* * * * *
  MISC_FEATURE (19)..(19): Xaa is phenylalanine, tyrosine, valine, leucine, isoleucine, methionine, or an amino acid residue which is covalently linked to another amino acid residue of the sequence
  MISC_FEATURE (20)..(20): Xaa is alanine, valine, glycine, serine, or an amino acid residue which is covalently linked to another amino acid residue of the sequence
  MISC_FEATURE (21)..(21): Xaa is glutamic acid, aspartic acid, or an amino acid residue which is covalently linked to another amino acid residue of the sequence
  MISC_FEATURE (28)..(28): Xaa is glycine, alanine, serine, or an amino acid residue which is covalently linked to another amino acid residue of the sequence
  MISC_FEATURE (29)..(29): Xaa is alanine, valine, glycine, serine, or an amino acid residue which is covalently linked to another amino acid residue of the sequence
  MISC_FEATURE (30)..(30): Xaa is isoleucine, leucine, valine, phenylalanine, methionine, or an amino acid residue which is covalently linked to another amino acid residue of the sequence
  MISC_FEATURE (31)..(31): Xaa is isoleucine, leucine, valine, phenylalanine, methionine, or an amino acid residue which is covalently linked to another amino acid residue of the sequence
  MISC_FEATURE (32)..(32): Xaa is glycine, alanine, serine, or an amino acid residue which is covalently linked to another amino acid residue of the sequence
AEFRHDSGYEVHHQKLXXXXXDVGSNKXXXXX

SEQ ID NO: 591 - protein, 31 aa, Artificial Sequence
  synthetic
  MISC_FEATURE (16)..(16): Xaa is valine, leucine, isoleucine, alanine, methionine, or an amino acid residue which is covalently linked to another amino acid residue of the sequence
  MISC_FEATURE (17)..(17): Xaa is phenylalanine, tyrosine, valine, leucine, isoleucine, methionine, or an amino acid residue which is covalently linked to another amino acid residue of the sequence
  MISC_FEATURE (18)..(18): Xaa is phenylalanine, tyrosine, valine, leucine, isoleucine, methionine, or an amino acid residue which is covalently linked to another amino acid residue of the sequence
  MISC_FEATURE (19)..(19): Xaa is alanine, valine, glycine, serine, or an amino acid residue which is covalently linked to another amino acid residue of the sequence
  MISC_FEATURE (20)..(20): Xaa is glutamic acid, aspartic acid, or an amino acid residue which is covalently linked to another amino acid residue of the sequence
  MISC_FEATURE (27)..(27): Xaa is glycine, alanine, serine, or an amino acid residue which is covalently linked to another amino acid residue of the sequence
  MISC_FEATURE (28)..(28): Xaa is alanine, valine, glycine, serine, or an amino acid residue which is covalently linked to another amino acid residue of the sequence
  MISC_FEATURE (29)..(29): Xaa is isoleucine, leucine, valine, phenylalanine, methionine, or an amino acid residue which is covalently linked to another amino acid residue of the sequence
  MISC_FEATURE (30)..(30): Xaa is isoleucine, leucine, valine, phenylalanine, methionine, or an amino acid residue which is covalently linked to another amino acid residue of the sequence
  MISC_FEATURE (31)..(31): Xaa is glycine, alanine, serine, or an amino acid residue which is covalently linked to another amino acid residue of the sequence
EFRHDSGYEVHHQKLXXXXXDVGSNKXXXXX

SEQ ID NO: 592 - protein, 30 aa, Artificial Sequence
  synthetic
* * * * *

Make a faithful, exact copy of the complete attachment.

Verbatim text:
  MISC_FEATURE (19)..(19): Xaa is phenylalanine, tyrosine, valine, leucine, isoleucine, methionine, or an amino acid residue which is covalently linked to another amino acid residue of the sequence
  MISC_FEATURE (20)..(20): Xaa is alanine, valine, glycine, serine, or an amino acid residue which is covalently linked to another amino acid residue of the sequence
  MISC_FEATURE (21)..(21): Xaa is glutamic acid, aspartic acid, or an amino acid residue which is covalently linked to another amino acid residue of the sequence
  MISC_FEATURE (28)..(28): Xaa is glycine, alanine, serine, or an amino acid residue which is covalently linked to another amino acid residue of the sequence
  MISC_FEATURE (29)..(29): Xaa is alanine, valine, glycine, serine, or an amino acid residue which is covalently linked to another amino acid residue of the sequence
  MISC_FEATURE (30)..(30): Xaa is isoleucine, leucine, valine, phenylalanine, methionine, or an amino acid residue which is covalently linked to another amino acid residue of the sequence
  MISC_FEATURE (31)..(31): Xaa is isoleucine, leucine, valine, phenylalanine, methionine, or an amino acid residue which is covalently linked to another amino acid residue of the sequence
  MISC_FEATURE (32)..(32): Xaa is glycine, alanine, serine, or an amino acid residue which is covalently linked to another amino acid residue of the sequence
AEFRHDSGYEVHHQKLXXXXXDVGSNKXXXXX

SEQ ID NO: 591 - protein, 31 aa, Artificial Sequence
  synthetic
  MISC_FEATURE (16)..(16): Xaa is valine, leucine, isoleucine, alanine, methionine, or an amino acid residue which is covalently linked to another amino acid residue of the sequence
  MISC_FEATURE (17)..(17): Xaa is phenylalanine, tyrosine, valine, leucine, isoleucine, methionine, or an amino acid residue which is covalently linked to another amino acid residue of the sequence
  MISC_FEATURE (18)..(18): Xaa is phenylalanine, tyrosine, valine, leucine, isoleucine, methionine, or an amino acid residue which is covalently linked to another amino acid residue of the sequence
  MISC_FEATURE (19)..(19): Xaa is alanine, valine, glycine, serine, or an amino acid residue which is covalently linked to another amino acid residue of the sequence
  MISC_FEATURE (20)..(20): Xaa is glutamic acid, aspartic acid, or an amino acid residue which is covalently linked to another amino acid residue of the sequence
  MISC_FEATURE (27)..(27): Xaa is glycine, alanine, serine, or an amino acid residue which is covalently linked to another amino acid residue of the sequence
  MISC_FEATURE (28)..(28): Xaa is alanine, valine, glycine, serine, or an amino acid residue which is covalently linked to another amino acid residue of the sequence
  MISC_FEATURE (29)..(29): Xaa is isoleucine, leucine, valine, phenylalanine, methionine, or an amino acid residue which is covalently linked to another amino acid residue of the sequence
  MISC_FEATURE (30)..(30): Xaa is isoleucine, leucine, valine, phenylalanine, methionine, or an amino acid residue which is covalently linked to another amino acid residue of the sequence
  MISC_FEATURE (31)..(31): Xaa is glycine, alanine, serine, or an amino acid residue which is covalently linked to another amino acid residue of the sequence
EFRHDSGYEVHHQKLXXXXXDVGSNKXXXXX

SEQ ID NO: 592 - protein, 30 aa, Artificial Sequence
  synthetic